Market intelligence for international student recruitment from ICEF

Recruiting in the Internet age

The Internet has changed everything in terms of international student recruitment. For agents, digital has represented both an opportunity and a threat, as Laurent Pasquet, managing director for the France-based agency La Route des Langues – which specialises in the junior market –notes in today’s feature interview. Those agencies that have embraced the opportunity, he says, have considered carefully how to adapt their business so that they remain a compelling resource for international students. In our first video excerpt below, Mr Pasquet explains that the key to his agency’s success today is that they work hard at figuring out how to add extra value to their clients. For example, he notes that La Route des Langues agents always offer a chaperone service for their youngest clients aged eight and nine. It costs the agency money, but Mr Pasquet says it pays off in the long term: “We will keep this client forever.” Young travellers – including students going abroad for language study – are increasingly booking their trips online. The WYSE Travel Confederation reports that as of 2007, around 50% of millennial travel bookings were made online, and most often via a desktop computer. In the association’s 2017 survey, however, respondents reported that 80% of their travel bookings were made online. The growth in online bookings underlines Mr Pasquet’s point that personalisation and adding extra value is key to competing in this changed travel marketplace. In our second video segment, Mr Pasquet speaks about the way the Internet has produced a new type of client: one who is always connected and also more demanding because digital technology has conditioned them to expect immediate results. He has even had instances in which parents have asked to track their children in real time.” He smiles, saying,

“Fortunately, up to now we have not been putting bar codes on our clients and schools are not scanning them when they arrive at the airport, but that’s what customers are expecting because they are used to following their ‘parcel’.”

Young clients’ attachment to their smartphones and cellphones has also created a real challenge for the agency’s partners (schools and host families). If students feel upset about even a minor problem, for example, “they will text message or call their parents right away.” And it has changed the dynamics of the intensive cultural and language experience that is a hallmark of the language-learning experience in France. Mr Pasquet notes that it is harder for partners to keep young students engaged in activities, and he’s even heard of instances where host families have had to turn the wifi off in their homes because students were not interacting with the family, instead shutting themselves in their rooms to Snapchat and Facebook with their friends. When considering what the Internet has offered in terms of the agency’s ability to recruit, Mr Pasquet says that it’s not about “selling,” but rather the ability to attract clients and to provide more information to them. He estimates that 20–30% of their business comes in through digital channels, a proportion in line with trends across the agency landscape, according to ICEF i-graduate Agent Barometer research. The ability to support clients with further and comprehensive information – e.g., programme information, advice about what to pack – has been a major benefit for the agency. The agency points clients to web-based resources during or after their discussion to provide the best possible orientation for students coming to study in France. For additional background, please see:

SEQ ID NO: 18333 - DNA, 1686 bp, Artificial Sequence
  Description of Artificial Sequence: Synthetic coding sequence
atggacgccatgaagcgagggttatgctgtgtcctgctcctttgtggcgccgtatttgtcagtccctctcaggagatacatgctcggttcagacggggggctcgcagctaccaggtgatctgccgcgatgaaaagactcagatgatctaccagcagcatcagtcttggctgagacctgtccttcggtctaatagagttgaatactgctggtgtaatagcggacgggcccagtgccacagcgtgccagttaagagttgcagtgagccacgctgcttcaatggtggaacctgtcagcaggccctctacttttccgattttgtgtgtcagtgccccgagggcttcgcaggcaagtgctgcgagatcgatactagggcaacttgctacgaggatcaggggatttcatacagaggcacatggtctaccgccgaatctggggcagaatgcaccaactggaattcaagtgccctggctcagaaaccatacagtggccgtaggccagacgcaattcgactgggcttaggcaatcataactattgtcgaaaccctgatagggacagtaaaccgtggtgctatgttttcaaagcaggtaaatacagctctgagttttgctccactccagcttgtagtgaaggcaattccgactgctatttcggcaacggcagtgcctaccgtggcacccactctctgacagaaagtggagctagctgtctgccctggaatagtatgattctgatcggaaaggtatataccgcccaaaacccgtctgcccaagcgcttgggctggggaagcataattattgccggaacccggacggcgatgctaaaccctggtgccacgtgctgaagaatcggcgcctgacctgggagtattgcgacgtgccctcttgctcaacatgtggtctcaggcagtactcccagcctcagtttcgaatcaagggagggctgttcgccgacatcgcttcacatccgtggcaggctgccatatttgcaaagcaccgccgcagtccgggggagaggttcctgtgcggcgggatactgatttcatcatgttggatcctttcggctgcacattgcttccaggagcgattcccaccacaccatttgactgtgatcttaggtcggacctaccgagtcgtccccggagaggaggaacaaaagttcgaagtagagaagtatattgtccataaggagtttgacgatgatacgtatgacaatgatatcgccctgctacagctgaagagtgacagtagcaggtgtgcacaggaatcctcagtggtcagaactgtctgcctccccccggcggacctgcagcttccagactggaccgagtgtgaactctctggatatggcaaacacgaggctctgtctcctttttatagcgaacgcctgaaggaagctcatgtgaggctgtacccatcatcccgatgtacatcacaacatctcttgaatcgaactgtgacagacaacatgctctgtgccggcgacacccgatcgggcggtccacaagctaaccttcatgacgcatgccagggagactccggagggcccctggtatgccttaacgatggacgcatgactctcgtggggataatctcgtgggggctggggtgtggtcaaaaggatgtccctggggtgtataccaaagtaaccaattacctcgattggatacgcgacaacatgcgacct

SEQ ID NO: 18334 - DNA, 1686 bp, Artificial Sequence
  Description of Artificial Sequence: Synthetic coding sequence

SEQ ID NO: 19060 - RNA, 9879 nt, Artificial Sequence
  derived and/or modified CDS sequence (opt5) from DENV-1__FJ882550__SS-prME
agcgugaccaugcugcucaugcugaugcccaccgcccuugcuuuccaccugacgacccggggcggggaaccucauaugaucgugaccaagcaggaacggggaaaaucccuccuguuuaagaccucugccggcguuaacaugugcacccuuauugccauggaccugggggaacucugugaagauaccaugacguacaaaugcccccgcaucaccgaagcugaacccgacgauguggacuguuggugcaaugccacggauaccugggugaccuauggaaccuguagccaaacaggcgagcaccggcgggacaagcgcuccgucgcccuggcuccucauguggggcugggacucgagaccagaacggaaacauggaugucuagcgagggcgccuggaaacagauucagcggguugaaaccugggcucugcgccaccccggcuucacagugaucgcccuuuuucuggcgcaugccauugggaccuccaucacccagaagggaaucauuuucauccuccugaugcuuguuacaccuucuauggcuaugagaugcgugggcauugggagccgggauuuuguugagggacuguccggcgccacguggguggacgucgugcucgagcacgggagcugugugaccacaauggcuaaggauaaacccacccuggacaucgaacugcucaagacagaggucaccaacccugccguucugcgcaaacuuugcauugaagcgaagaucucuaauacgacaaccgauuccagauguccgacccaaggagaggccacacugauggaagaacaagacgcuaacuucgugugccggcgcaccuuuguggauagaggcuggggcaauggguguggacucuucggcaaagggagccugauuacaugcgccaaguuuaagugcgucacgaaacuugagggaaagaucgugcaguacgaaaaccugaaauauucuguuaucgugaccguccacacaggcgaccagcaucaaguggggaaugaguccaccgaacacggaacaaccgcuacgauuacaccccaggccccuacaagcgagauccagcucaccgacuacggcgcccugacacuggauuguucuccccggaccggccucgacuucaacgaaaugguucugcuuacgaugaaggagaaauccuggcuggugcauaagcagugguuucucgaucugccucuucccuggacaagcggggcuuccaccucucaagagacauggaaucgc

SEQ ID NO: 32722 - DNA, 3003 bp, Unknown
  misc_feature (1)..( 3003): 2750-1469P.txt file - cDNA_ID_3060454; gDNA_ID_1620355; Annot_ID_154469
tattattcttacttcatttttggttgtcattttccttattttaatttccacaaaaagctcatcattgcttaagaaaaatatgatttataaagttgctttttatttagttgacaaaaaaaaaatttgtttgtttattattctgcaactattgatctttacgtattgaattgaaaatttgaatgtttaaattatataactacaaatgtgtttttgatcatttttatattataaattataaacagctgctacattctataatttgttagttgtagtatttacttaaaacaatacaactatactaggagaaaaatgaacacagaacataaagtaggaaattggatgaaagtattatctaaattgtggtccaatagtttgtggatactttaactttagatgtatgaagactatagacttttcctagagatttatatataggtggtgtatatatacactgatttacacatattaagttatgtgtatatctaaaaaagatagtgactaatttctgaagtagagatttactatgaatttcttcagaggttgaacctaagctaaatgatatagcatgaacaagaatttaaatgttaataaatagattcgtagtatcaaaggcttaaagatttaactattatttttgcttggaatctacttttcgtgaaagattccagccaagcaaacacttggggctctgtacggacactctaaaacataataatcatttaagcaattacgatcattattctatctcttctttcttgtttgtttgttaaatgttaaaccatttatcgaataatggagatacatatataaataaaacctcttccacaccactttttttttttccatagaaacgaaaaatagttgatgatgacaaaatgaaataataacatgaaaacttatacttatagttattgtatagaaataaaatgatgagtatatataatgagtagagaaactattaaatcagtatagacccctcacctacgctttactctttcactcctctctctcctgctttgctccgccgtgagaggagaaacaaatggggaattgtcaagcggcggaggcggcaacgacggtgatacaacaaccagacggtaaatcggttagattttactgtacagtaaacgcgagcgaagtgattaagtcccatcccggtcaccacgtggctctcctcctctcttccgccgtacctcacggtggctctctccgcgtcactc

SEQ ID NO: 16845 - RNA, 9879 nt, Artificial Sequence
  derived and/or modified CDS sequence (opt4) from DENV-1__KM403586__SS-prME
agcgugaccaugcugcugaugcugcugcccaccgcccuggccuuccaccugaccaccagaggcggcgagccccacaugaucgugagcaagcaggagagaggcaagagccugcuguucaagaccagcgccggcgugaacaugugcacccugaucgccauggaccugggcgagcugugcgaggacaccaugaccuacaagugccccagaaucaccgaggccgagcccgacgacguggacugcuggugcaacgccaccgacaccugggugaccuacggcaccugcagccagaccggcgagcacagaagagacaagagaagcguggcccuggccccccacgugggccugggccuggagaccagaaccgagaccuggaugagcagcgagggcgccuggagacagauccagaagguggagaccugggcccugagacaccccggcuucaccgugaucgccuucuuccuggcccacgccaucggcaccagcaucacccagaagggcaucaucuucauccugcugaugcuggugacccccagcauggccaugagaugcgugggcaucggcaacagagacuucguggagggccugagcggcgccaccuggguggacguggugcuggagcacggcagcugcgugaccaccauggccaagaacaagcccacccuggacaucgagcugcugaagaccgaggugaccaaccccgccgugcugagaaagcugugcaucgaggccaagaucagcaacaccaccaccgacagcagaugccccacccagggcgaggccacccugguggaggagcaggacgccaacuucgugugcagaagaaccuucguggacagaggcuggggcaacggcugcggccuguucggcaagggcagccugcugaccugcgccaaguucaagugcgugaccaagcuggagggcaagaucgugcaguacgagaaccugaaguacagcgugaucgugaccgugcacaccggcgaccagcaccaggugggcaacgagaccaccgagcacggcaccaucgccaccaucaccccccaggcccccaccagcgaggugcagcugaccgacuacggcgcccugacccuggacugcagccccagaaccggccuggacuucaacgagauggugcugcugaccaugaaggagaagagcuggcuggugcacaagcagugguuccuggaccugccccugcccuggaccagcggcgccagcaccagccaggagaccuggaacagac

Most Recent

  • How is Indian student mobility changing in 2023? Read More
  • Move Over Google: Social media is also a search engine Read More
  • Why managing digital shock needs to be part of your student support plan Read More

Most Popular

  • Canada’s foreign enrolment grew by more than 30% in 2022 Read More
  • Measuring cost of study and cost of living across study destinations Read More
  • Recruiting in the Emirates: Big goals, world-class education, and new scholarships Read More

Because you found this article interesting

Global agent survey finds a strong growth outlook for 2024; provides new insights on agency operations Findings from the latest instalment of ICEF’s Agent Voice survey indicate that agents are referring international students to...
Read more
ICEF announces new agent code of conduct The following article is adapted from the upcoming edition of ICEF Insights magazine. The print edition will be...
Read more
Australia: Parliamentary report recommends diversification and expanded regulation of agents A much-anticipated parliamentary report detailing the results of an inquiry into Australia’s tourism and international education sectors has...
Read more
Education agents the primary channel for K-12 recruitment in China A newly released survey from the UK-based Boarding Schools’ Association (BSA) finds that agents now play an even...
Read more
Australia expands regulatory oversight of education agents and announces new integrity measures for VET Earlier this year, the Australian government commissioned former Victorian police commissioner Christine Nixon to conduct a “rapid review...
Read more
Education New Zealand shuts down its recognised agency programme Education New Zealand has announced that it is closing down the Education New Zealand Recognised Agency (ENZRA) programme,...
Read more
ICEF Podcast: Tackling the sub-agent dilemma and the pros and cons of aggregated recruitment In this episode, ICEF’s Craig Riggs and Martijn van de Veen discuss the latest developments in our sector,...
Read more
Nearly two-thirds of US colleges now working with agents A 2016 survey of US colleges and universities found that about four in ten (37%) were working with...
Read more
What are you looking for?
Quick Links